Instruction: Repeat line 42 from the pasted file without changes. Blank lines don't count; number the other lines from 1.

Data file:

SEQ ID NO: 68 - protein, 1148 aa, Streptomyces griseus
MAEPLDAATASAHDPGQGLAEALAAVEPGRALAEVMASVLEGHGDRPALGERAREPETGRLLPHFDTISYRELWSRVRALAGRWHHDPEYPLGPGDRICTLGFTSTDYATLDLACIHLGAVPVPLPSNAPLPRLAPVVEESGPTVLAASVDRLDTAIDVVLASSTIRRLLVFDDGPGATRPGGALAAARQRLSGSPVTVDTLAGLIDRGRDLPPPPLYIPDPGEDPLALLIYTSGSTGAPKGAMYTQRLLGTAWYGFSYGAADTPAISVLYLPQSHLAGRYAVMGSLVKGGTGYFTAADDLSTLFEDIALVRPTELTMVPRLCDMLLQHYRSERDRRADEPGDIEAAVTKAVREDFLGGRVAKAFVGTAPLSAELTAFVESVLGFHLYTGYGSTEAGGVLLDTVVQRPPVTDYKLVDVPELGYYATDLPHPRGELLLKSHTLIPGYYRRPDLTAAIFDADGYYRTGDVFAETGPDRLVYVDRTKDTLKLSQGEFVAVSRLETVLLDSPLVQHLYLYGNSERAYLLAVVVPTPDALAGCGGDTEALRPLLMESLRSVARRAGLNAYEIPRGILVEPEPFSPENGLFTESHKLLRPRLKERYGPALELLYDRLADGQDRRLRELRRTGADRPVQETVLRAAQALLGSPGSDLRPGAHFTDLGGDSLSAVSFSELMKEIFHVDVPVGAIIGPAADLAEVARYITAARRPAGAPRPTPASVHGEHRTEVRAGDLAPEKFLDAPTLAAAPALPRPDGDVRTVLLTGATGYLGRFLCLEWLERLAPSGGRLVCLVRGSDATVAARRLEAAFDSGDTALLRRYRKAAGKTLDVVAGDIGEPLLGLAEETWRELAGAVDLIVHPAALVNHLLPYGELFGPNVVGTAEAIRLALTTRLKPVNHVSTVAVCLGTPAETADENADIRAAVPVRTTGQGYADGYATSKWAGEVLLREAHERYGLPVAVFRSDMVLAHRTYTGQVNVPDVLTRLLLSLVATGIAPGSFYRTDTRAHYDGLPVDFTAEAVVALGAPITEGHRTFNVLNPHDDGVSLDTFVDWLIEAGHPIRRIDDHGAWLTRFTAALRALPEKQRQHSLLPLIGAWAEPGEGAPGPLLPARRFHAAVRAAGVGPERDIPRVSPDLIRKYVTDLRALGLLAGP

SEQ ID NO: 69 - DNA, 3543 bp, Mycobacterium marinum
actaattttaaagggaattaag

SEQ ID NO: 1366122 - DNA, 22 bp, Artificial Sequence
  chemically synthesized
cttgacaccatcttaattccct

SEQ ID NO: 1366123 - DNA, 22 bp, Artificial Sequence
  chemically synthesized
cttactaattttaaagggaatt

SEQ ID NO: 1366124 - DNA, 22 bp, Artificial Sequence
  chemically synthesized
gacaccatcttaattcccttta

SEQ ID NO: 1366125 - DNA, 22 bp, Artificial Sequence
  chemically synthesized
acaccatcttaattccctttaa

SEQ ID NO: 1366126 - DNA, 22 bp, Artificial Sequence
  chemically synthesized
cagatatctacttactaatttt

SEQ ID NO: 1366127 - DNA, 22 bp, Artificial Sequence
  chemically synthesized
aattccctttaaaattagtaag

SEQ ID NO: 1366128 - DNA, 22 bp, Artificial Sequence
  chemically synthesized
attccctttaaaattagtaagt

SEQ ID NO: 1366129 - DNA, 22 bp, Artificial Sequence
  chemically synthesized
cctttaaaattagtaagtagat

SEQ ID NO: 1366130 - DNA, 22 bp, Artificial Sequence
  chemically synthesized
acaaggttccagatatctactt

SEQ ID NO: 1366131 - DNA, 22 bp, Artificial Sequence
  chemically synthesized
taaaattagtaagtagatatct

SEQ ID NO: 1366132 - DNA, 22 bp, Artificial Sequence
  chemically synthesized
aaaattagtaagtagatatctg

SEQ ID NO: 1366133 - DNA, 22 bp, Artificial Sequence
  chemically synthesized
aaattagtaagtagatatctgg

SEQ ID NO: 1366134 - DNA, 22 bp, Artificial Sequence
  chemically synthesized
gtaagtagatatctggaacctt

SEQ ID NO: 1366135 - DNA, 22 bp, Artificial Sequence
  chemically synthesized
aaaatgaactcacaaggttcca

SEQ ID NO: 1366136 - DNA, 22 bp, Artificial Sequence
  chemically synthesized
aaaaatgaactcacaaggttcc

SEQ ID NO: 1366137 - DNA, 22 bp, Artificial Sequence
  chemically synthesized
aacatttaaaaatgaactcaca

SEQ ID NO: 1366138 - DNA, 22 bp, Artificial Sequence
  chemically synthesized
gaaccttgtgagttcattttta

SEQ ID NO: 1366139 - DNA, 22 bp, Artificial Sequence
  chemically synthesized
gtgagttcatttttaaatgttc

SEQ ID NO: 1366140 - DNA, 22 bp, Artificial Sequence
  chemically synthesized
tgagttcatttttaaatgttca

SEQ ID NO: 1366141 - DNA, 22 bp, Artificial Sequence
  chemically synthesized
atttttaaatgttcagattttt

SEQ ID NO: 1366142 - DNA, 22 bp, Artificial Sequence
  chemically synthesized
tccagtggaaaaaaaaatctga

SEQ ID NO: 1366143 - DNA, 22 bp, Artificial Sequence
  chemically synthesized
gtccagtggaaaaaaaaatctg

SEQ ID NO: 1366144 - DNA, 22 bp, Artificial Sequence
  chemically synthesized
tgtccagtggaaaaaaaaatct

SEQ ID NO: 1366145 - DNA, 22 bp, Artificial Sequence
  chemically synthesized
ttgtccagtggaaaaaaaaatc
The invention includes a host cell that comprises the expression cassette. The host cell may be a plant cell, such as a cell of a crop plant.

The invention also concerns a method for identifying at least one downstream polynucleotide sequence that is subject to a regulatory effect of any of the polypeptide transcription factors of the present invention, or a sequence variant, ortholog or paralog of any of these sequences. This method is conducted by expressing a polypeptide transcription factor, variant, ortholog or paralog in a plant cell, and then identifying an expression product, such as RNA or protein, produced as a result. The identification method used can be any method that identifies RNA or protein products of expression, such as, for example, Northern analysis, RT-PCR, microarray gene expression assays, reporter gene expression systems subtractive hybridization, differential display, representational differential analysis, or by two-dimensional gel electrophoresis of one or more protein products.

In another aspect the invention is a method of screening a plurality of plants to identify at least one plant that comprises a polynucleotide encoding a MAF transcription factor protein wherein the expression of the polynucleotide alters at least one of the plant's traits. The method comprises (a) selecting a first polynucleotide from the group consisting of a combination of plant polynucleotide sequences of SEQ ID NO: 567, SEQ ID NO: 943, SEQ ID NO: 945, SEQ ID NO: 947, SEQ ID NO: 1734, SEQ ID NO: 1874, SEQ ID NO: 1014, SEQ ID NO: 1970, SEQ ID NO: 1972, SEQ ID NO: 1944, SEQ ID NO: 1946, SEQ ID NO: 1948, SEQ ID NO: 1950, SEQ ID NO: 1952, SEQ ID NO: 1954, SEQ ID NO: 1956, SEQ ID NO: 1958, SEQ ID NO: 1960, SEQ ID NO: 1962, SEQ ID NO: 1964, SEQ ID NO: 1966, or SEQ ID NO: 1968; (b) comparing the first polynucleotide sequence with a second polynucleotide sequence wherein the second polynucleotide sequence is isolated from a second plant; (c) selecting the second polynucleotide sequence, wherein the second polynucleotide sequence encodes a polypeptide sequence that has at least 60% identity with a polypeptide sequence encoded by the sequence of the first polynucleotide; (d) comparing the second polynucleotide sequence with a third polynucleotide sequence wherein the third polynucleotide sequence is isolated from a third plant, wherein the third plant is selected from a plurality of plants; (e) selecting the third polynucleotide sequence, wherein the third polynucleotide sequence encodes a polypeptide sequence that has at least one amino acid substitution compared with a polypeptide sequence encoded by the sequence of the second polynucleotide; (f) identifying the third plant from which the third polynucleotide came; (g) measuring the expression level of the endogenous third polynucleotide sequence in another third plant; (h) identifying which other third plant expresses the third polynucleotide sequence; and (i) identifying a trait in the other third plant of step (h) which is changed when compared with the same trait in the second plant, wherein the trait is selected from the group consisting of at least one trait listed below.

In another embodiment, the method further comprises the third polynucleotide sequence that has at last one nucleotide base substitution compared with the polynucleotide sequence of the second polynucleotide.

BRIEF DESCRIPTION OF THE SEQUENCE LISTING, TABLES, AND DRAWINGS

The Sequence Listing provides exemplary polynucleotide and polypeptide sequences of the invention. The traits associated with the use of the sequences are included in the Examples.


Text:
  chemically synthesized